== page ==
By Jim Leser
I used to be extremely allergic to poison ivy. I swear that as a child I could literally become infected just by looking at it. This was back east where I was originally from. When I moved to the west I found that poison oak caused the same uncomfortable itch wherever the plant had contacted my skin either directly or secondarily from contaminated clothing. What followed was red, oozing blisters that seemed to spread across my body as I continued to scratch. I couldn’t help myself.
I soon learned that the toxin, urushiol was easily spread if not removed from contaminated clothing or skin through washing. The fluid in blisters did not spread the rash. What is really odd now is that I no longer seem to be affected by poison ivy. I walk by it every time I walk on the Surface Creek trail, which is quite often. Since the urushiol toxin is especially troublesome when released by burning poison ivy plants, I always thought that this toxin was probably released into the air during those suffocating summer days of high temperatures and humidity. But who knows?
Even experienced gardeners sometimes fall prey to plants that can cause pain, misery and, although rare, even death. Some are native species; others, non-native. Each year, people, often children, and sometimes pets and livestock are poisoned or otherwise harmed from toxic berries, bulbs, leaves and other plant parts.
There are many other plants besides poison ivy that can pose a hazard to us, our pets or livestock. What follows is a very brief listing of some of the more common ones you might encounter in the garden, on the trail or out in the pasture.
The parsley family three poisonous plants including cow parsnip, western waterhemlock and poison hemlock. The sap from these plants can cause severe, painful burns and can also make your skin sensitive to sunlight. If the sap comes into contact with someone’s eyes, it can lead to temporary or permanent blindness. The sap in the taproot of the western waterhemlock is extremely toxic to humans and animals. And of course poison hemlock contains a well-known poison historically used to take out one’s enemies. Don’t mistake any of these plants for parsley.
Hazardous plants found in the sunflower family include common or western and giant ragweed. These are considered the number one cause of hay fever, in part because of their abundance and the fact that it flowers all summer long. Russian Knapweed is a thistle in the sunflower family that affects horses making them unable to chew if ingested.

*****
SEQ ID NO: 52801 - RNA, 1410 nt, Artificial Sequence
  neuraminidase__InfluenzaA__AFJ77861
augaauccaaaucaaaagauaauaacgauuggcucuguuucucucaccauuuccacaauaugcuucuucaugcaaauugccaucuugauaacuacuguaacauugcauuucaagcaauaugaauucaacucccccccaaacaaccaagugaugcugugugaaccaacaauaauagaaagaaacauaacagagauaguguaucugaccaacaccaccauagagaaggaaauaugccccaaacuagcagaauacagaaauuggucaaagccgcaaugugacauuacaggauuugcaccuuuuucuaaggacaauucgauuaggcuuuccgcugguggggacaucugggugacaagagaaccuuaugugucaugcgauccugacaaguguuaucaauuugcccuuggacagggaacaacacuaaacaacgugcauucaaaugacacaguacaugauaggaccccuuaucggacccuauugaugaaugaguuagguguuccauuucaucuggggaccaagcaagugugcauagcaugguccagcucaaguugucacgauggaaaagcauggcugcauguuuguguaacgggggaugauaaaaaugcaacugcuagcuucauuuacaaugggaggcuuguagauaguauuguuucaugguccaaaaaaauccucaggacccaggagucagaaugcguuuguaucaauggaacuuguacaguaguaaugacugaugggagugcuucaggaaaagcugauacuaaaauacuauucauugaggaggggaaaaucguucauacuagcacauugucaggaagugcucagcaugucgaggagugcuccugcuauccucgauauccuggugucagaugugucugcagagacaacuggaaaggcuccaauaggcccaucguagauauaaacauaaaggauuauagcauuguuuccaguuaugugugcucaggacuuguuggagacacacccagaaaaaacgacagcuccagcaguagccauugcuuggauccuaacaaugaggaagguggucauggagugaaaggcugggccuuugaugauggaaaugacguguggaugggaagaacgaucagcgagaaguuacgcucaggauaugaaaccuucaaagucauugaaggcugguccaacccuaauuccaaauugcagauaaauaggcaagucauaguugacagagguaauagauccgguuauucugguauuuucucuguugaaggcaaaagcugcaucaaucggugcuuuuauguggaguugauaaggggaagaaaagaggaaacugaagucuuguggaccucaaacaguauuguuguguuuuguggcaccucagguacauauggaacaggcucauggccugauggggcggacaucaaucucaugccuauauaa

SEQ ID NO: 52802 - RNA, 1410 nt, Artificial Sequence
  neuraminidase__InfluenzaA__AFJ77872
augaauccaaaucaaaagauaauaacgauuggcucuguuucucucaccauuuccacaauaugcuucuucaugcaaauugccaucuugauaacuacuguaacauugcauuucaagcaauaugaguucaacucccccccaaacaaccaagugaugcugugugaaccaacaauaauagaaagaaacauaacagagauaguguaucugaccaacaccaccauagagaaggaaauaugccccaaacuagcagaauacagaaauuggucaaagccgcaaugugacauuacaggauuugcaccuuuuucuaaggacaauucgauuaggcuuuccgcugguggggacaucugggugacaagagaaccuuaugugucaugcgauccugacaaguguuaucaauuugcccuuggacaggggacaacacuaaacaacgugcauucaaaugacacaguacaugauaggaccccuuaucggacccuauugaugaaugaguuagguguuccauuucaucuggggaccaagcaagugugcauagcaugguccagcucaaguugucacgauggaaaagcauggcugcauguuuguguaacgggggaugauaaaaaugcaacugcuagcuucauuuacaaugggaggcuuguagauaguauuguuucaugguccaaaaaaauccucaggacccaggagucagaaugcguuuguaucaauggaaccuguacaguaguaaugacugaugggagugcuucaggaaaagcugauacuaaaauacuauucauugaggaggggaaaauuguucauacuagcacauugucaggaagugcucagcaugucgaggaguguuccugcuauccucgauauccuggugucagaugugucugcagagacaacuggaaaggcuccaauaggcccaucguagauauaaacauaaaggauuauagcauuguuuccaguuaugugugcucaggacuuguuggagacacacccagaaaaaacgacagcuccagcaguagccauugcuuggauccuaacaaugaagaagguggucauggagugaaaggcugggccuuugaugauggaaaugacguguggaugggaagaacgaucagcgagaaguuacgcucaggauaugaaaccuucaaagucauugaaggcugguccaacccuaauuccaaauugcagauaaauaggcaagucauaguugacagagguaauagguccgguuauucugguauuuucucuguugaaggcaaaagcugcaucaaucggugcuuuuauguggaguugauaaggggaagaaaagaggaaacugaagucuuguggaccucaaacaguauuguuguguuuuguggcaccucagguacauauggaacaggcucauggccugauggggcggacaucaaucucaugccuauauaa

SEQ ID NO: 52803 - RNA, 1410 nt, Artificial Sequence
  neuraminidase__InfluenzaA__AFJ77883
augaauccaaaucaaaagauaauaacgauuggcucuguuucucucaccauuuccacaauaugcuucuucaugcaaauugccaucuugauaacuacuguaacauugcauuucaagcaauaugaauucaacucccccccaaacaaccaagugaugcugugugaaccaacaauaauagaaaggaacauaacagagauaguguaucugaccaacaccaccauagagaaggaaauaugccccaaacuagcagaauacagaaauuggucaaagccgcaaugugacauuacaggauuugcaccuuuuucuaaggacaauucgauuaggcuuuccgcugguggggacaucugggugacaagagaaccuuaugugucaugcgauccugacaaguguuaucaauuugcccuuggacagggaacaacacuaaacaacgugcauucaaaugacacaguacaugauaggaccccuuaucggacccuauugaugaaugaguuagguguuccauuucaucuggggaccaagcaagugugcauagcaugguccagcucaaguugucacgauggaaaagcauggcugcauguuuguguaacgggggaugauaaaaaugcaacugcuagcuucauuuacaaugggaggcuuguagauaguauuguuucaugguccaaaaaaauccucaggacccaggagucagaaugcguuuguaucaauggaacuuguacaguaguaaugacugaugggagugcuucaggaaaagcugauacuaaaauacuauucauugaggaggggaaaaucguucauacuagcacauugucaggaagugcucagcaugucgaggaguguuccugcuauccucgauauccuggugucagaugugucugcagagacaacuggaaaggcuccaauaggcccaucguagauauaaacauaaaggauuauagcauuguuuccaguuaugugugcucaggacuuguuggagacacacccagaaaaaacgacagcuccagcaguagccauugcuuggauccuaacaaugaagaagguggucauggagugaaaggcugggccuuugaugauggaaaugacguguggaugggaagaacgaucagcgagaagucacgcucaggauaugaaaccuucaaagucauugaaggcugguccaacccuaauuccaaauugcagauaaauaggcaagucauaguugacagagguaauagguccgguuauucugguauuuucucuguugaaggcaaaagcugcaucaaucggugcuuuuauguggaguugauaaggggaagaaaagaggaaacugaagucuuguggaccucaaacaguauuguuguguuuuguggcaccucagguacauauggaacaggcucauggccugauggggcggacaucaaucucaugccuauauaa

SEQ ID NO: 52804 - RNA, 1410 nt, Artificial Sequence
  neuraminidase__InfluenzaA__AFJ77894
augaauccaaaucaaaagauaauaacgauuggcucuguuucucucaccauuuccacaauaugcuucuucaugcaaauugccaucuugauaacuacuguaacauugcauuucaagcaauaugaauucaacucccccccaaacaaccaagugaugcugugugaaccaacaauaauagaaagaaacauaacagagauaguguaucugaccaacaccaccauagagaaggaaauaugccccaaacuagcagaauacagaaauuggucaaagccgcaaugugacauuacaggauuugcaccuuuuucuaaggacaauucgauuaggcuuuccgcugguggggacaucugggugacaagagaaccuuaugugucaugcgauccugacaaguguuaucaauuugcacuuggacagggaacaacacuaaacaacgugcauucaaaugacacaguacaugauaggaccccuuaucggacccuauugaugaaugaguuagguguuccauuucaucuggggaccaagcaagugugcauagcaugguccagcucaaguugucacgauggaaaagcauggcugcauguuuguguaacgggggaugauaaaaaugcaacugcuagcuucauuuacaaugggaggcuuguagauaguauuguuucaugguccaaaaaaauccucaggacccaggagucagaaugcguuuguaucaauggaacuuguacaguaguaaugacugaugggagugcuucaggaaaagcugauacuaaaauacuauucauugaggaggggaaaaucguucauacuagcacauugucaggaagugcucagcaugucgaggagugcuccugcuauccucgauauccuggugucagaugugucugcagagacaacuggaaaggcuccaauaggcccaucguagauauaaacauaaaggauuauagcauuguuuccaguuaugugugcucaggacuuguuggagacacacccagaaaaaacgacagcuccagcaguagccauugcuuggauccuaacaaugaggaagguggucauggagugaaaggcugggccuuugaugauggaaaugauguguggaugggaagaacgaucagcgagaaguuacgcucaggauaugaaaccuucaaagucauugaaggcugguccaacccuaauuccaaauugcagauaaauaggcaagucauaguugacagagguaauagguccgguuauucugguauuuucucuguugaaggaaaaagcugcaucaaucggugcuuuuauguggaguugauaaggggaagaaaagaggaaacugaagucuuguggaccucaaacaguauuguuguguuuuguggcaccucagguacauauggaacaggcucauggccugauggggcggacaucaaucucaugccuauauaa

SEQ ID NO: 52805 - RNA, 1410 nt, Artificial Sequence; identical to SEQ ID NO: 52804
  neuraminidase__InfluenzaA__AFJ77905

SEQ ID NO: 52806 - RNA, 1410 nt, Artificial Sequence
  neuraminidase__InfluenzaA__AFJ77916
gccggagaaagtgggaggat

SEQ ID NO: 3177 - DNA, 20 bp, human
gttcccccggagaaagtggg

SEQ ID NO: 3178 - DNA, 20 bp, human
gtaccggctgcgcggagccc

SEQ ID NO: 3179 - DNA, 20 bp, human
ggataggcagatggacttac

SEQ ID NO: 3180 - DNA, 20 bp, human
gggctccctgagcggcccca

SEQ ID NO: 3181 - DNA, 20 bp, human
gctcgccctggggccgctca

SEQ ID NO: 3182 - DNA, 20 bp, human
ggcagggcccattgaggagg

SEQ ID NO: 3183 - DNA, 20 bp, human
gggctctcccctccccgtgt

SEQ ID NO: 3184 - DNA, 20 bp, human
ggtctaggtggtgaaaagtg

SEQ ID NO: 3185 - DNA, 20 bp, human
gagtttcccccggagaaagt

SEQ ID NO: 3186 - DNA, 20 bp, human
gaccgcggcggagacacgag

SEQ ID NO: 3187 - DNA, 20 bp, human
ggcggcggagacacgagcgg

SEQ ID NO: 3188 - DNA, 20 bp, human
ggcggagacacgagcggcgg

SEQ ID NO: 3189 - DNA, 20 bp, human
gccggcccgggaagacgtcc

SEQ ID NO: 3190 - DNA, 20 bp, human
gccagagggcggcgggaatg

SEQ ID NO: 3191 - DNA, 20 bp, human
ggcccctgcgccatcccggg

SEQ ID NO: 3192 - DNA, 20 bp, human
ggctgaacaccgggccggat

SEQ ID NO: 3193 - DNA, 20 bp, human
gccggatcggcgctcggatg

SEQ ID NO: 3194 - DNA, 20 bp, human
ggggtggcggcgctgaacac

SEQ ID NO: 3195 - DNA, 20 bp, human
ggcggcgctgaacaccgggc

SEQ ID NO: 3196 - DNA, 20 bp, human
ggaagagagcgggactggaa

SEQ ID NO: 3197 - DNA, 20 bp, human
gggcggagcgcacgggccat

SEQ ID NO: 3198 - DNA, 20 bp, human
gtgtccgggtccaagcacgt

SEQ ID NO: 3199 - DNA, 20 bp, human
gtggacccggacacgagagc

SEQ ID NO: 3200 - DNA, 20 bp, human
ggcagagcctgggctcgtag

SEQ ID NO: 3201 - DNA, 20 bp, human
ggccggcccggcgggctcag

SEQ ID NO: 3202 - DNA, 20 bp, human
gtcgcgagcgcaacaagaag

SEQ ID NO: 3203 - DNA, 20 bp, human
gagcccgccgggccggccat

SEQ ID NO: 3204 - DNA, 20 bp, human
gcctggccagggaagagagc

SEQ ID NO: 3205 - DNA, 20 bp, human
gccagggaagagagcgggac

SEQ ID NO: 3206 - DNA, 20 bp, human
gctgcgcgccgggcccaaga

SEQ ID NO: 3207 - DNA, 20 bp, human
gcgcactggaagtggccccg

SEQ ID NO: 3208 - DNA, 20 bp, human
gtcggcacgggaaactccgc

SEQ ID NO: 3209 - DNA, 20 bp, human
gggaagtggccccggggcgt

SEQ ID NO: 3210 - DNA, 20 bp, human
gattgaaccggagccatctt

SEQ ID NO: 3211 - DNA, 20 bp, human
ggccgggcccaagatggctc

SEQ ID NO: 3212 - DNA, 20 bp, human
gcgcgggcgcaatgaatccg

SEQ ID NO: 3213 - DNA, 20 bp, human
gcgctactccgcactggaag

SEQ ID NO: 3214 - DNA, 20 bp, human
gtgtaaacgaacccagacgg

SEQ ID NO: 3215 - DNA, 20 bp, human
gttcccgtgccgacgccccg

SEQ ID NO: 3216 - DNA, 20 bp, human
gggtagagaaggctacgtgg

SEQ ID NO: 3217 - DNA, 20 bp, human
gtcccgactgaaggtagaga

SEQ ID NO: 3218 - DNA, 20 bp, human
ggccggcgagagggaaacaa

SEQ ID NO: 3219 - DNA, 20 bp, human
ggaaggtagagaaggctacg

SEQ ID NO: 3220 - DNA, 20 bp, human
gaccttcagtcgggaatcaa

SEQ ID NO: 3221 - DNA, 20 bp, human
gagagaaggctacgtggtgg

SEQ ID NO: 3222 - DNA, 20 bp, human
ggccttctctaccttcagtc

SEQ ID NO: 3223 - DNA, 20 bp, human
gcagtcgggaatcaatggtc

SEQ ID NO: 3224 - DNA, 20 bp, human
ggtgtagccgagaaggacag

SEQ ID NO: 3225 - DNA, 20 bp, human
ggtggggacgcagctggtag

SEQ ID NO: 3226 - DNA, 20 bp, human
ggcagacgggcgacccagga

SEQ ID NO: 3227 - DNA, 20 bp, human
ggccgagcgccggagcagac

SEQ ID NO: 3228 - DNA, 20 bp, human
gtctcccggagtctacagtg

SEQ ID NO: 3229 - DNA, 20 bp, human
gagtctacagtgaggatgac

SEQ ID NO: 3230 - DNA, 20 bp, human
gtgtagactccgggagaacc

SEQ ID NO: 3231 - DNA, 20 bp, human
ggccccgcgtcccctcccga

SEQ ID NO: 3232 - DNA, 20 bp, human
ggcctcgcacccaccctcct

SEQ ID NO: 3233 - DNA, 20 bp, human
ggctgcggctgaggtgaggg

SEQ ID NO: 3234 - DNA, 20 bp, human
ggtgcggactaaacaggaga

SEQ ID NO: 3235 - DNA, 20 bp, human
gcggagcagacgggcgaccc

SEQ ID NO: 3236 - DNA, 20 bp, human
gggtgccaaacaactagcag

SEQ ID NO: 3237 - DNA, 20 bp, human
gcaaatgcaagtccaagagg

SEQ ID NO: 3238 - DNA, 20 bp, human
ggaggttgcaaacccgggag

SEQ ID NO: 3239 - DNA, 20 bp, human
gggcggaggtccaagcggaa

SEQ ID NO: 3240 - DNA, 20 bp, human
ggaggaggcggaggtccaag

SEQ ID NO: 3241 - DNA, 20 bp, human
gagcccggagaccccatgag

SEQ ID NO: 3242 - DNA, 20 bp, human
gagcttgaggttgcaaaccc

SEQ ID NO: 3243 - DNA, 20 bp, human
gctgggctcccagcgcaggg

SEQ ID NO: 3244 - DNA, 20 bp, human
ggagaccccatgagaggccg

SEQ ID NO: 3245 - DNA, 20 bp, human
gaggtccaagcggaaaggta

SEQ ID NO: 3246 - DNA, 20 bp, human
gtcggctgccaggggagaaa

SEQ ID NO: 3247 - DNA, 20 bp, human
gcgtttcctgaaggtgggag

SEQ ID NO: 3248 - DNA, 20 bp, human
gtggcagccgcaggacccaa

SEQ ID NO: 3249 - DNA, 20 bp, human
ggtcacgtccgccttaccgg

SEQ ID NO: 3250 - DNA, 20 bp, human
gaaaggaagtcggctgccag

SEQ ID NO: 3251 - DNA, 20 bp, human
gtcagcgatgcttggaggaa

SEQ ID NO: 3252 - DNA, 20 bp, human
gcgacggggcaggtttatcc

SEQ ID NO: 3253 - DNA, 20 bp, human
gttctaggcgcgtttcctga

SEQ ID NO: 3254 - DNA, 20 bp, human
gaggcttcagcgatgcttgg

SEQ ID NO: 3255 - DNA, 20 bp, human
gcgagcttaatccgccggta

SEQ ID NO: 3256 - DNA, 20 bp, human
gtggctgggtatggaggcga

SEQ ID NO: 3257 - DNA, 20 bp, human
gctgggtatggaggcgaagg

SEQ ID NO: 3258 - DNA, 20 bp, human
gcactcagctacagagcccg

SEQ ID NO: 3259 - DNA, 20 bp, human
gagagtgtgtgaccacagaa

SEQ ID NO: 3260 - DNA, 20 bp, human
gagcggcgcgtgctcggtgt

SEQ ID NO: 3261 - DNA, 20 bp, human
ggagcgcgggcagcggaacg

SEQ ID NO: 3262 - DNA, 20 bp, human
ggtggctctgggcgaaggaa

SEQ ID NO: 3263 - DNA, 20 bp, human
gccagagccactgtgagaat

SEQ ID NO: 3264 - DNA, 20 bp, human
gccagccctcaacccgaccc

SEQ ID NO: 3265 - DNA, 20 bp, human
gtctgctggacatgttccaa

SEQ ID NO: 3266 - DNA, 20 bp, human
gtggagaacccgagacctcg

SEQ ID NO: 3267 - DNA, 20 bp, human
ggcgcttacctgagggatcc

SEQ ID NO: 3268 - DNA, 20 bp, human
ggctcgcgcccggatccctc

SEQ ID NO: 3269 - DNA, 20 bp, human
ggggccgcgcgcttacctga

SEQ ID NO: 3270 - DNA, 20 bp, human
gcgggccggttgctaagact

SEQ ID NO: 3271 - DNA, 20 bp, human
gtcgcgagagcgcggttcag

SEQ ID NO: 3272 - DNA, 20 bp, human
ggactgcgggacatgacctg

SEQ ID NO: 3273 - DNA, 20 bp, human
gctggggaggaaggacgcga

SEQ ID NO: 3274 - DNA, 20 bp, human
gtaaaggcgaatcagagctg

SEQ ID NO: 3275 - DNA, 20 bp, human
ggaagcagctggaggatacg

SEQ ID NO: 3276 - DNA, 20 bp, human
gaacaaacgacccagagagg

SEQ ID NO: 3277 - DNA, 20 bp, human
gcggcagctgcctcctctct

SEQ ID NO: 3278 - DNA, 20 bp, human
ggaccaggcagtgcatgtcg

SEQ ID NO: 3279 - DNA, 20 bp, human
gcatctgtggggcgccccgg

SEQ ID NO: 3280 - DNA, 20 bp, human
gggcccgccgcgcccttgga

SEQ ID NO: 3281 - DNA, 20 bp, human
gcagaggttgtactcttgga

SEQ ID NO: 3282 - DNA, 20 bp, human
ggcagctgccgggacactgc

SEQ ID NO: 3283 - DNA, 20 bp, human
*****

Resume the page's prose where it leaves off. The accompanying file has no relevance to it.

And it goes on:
The nightshade family has a number of poisonous plants including Virginia groundcherry, bittersweet or climbing nightshade and silverleaf nightshade. Leaves and berries can be quite toxic to humans, cattle and horses if ingested in sufficient quantity. Children can be particularly attracted to the berries which will cause poisoning if eaten in sufficient quantity. The Virginia groundcherry has attractive flowers Chinese lantern-like seed fruit which can be quite attractive. I found these nightshade plants along my irrigation ditch. I guess you know that both potatoes and tomatoes are in this plant family. Thank goodness they are not poisonous.
Another nightshade representative is sacred datura. It has large, attractive white flowers and unusual large round seedpods covered with spines much in the manner of a medieval mace. All parts of the plant and especially the seeds contain many alkaloids, the most toxic of which are hyoscyamine, hyoscine and atropine. The principle effect of these alkaloids is on the autonomic nervous system. The plant is generally not consumed by livestock except when other food in not available. It also has hallucinogenic properties. Among the Zuni people, the powdered root is given as an anesthetic and a narcotic for surgery. Sacred datura has also been used by some Native Americans in ceremonies and rites of passage. I would not recommend “tripping” on this plant!
Leafy spurge, of the spurge family, was introduced from Europe and is an invasive noxious weed. Diterpene esters in the milky sap are strong irritants causing blistering of the skin in some humans who handle the plants. Salivation, vomiting and diarrhea may result from irritation to the digestive tract if ingested.
Of course, most plants are beneficial and perfectly benign, but hazardous plants, though much fewer in number, are found everywhere. Readers, take heed: wear gloves, don’t eat strange berries, educate your kids and remove hazardous plants that are a risk to you and your pets.
Jim Leser retired to Cedaredge in 2007 after a career with Texas A&M University Extension in entomology. He is a member of the Cedaredge Tree Board and a Colorado Master Gardener.